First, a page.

Regulating AI in Europe

By Catherine Barrett, CEO of Annapolis Analytics

It is increasingly clear that Generative Artificial Intelligence (AI) tools offer innovative ways to expedite work and improve creativity, but also that they come with significant cybersecurity and other risks.  In response to these risks, the European Union (EU) is on the cusp of passing comprehensive regulation governing AI products and services that will set a global standard for safe and trustworthy AI. 

Specifically, in June of 2023, the Members of the European Parliament (MEPs) adopted changes to the Artificial Intelligence Act (AI Act) of 2021, moving one step closer to regulation of AI related goods and services. The AI Act sets forth a risk-based approach to regulating AI, from low-to-limited/minimal risk to high-risk and unacceptable risk, with the greatest degree of requirements and restrictions levied on AI goods and services falling into the high-risk category. The AI Act sets forth requirements for AI risk management, data and governance, quality management, and cybersecurity, among others. The EU AI Act is not finalized, however, and negotiations continue among EU countries in the EU Council, with a final version of the regulation expected before the end of 2023 and with full enactment of the law sometime thereafter.   

Rather than wait until final passage of the law, however, Ireland – specifically, the National Standards Authority of Ireland (NSAI) – is already preparing to implement the EU AI Act. On July 18, 2023 the NSAI published The AI Standards & Assurance Roadmap (herein after “the NSAI Roadmap”) in accordance with Ireland’s first AI strategy entitled AI-Here for Good: National Artificial Intelligence Strategy for Ireland (2021). The purpose of the NSAI Roadmap is “to ensure Ireland will be ready in good time to implement the EU AI Act” by outlining the roles and responsibilities of NSAI, the Department of Enterprise, Trade and Employment, AI national supervisory authority (when designated), and other relevant competent authorities, market surveillance authorities and notified bodies (when designated).1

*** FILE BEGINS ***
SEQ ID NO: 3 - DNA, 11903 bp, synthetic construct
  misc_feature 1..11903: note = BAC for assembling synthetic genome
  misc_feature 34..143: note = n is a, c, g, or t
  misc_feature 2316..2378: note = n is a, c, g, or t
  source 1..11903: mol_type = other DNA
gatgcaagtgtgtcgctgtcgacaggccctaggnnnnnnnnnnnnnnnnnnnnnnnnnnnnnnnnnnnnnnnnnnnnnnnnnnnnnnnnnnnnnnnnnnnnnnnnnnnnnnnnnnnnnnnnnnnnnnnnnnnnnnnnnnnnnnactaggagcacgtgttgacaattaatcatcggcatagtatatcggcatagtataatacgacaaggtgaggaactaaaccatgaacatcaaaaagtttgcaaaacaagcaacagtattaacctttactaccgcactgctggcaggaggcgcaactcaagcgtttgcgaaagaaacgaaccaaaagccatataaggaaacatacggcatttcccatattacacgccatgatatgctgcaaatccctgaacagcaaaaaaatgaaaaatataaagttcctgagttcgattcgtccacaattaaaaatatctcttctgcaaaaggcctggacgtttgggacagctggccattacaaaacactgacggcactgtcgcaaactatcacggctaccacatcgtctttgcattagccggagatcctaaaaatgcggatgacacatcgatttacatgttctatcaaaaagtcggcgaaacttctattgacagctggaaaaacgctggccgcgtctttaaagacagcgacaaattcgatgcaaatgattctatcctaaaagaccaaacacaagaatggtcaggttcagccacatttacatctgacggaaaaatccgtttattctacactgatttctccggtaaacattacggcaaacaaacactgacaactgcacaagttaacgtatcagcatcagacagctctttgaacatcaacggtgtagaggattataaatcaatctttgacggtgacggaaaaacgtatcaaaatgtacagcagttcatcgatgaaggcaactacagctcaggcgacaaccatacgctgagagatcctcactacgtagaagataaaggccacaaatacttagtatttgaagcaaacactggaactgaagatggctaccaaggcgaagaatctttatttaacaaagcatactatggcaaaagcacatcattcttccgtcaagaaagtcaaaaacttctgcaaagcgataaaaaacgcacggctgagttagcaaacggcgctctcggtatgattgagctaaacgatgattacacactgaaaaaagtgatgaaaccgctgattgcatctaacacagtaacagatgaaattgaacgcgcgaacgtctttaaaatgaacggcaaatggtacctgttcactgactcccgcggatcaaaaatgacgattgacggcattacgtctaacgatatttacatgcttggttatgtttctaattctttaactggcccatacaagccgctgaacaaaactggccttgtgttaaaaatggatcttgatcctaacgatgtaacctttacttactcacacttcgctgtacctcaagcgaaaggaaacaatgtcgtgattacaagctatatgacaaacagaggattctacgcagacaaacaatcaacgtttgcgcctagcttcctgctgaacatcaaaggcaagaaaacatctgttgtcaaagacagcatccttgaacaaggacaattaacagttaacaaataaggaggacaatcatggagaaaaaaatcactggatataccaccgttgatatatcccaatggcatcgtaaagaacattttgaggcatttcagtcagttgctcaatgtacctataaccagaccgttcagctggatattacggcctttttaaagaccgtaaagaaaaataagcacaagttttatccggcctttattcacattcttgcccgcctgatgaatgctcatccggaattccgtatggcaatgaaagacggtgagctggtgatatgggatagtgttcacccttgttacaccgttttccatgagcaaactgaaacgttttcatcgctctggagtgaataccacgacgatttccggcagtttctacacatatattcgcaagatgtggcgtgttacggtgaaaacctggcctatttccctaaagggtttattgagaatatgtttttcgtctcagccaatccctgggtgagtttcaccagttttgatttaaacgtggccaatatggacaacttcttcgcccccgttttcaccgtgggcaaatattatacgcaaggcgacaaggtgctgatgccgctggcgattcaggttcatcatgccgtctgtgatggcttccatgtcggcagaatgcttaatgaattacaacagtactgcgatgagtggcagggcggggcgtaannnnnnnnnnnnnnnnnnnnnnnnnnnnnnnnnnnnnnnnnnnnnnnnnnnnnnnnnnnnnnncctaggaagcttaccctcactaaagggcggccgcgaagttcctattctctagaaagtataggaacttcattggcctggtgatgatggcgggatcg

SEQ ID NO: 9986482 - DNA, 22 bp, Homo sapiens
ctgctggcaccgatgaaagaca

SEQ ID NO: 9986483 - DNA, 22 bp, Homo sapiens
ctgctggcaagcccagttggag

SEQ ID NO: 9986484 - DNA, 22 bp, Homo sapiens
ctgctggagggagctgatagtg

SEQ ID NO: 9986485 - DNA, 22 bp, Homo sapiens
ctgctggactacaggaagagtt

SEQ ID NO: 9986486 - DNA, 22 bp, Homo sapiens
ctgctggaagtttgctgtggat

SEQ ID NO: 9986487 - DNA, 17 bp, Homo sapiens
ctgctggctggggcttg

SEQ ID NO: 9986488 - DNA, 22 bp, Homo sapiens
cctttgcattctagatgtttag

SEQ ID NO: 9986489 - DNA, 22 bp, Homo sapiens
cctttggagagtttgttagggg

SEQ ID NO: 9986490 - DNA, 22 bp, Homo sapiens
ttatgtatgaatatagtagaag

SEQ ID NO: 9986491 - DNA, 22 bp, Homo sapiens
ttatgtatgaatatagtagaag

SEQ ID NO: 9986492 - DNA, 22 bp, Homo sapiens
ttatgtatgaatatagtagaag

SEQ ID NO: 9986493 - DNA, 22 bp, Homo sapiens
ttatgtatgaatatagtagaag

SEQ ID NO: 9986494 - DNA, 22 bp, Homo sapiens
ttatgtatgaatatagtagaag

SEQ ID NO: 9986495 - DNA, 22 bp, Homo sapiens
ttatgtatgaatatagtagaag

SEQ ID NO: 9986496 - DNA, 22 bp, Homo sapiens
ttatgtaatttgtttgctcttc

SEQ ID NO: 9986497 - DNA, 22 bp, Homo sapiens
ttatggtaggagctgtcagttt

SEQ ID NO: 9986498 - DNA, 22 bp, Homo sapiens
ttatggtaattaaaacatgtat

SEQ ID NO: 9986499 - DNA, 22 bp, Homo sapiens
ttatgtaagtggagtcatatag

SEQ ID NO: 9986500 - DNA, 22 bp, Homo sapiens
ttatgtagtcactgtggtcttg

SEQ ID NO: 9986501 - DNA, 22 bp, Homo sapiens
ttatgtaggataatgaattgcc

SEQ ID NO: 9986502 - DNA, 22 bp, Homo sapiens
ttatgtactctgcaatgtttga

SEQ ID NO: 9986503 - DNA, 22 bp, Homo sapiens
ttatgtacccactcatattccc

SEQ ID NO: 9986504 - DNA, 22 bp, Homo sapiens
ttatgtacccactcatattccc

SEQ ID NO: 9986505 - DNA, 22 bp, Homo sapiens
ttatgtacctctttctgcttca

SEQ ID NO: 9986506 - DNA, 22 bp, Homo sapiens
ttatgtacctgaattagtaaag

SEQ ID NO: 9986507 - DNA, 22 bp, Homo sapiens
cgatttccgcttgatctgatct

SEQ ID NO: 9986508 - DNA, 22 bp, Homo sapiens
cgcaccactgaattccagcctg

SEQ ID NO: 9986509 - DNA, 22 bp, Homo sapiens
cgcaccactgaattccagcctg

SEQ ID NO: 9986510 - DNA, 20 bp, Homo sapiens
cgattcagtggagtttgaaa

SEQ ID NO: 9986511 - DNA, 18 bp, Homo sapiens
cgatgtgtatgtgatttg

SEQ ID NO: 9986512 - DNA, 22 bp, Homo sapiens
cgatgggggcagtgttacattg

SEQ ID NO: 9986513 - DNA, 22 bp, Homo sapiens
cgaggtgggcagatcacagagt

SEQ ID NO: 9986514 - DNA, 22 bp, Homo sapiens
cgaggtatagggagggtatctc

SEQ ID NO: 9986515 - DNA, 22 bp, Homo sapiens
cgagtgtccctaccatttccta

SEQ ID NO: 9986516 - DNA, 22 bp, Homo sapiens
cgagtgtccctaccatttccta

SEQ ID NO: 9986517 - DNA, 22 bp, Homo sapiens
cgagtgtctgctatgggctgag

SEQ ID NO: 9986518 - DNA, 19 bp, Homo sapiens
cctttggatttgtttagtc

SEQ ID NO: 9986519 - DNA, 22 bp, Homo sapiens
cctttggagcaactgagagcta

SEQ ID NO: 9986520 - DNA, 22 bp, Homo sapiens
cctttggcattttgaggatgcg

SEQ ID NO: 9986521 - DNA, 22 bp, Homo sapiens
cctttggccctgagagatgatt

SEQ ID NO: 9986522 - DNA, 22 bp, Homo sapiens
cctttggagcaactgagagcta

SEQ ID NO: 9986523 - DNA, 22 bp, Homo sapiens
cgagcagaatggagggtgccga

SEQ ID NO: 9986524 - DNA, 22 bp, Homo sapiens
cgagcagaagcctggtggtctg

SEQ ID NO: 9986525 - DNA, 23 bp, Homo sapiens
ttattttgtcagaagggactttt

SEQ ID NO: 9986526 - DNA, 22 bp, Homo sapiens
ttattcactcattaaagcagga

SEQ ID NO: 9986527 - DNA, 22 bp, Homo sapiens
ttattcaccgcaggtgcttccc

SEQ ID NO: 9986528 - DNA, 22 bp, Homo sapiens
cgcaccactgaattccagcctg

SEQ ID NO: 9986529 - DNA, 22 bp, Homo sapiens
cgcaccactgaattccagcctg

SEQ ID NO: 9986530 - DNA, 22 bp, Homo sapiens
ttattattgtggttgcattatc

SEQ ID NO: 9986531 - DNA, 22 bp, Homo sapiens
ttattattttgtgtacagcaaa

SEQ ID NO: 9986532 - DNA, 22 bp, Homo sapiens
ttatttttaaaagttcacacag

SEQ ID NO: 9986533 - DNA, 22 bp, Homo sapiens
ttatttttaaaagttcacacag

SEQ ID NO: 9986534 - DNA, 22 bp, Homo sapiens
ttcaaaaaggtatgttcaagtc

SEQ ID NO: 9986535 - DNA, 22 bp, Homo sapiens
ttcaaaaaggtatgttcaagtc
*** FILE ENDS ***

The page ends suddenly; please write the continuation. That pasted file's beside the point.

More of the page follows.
The NSAI Roadmap references EU AI standards, including those currently being developed by the European Commission (EC), and the requirements for data, data governance and cybersecurity for AI systems.2 While still draft requirements, subsequent EU AI regulations are likely to include directives such as:  

Provide organizational and technical solutions to: 

  • Ensure AI systems are resilient against attempts to alter use, behavior, performance or compromise security properties by malicious third parties exploiting vulnerabilities 
  • Prevent and control cyberattacks targeting AI-specific assets (training data sets, digital assets or underlying information communications technology (ICT) infrastructure) 

Specifications for:

  • Data governance and data management procedures for AI system providers (specifically data generation and collection, data preparation operations, design choices, procedures for detecting and addressing biases…) 
  • Quality aspects of datasets used to training, validate and test AI systems  
  • Quality management systems for AI system providers, including post-market monitoring process 

As we wait for final passage of the EU AI Act sometime later this year, and final versions of regulations that will follow, these likely regulatory requirements give an indication of how to carefully invest to address the rising interest and adoption in AI-related goods and services.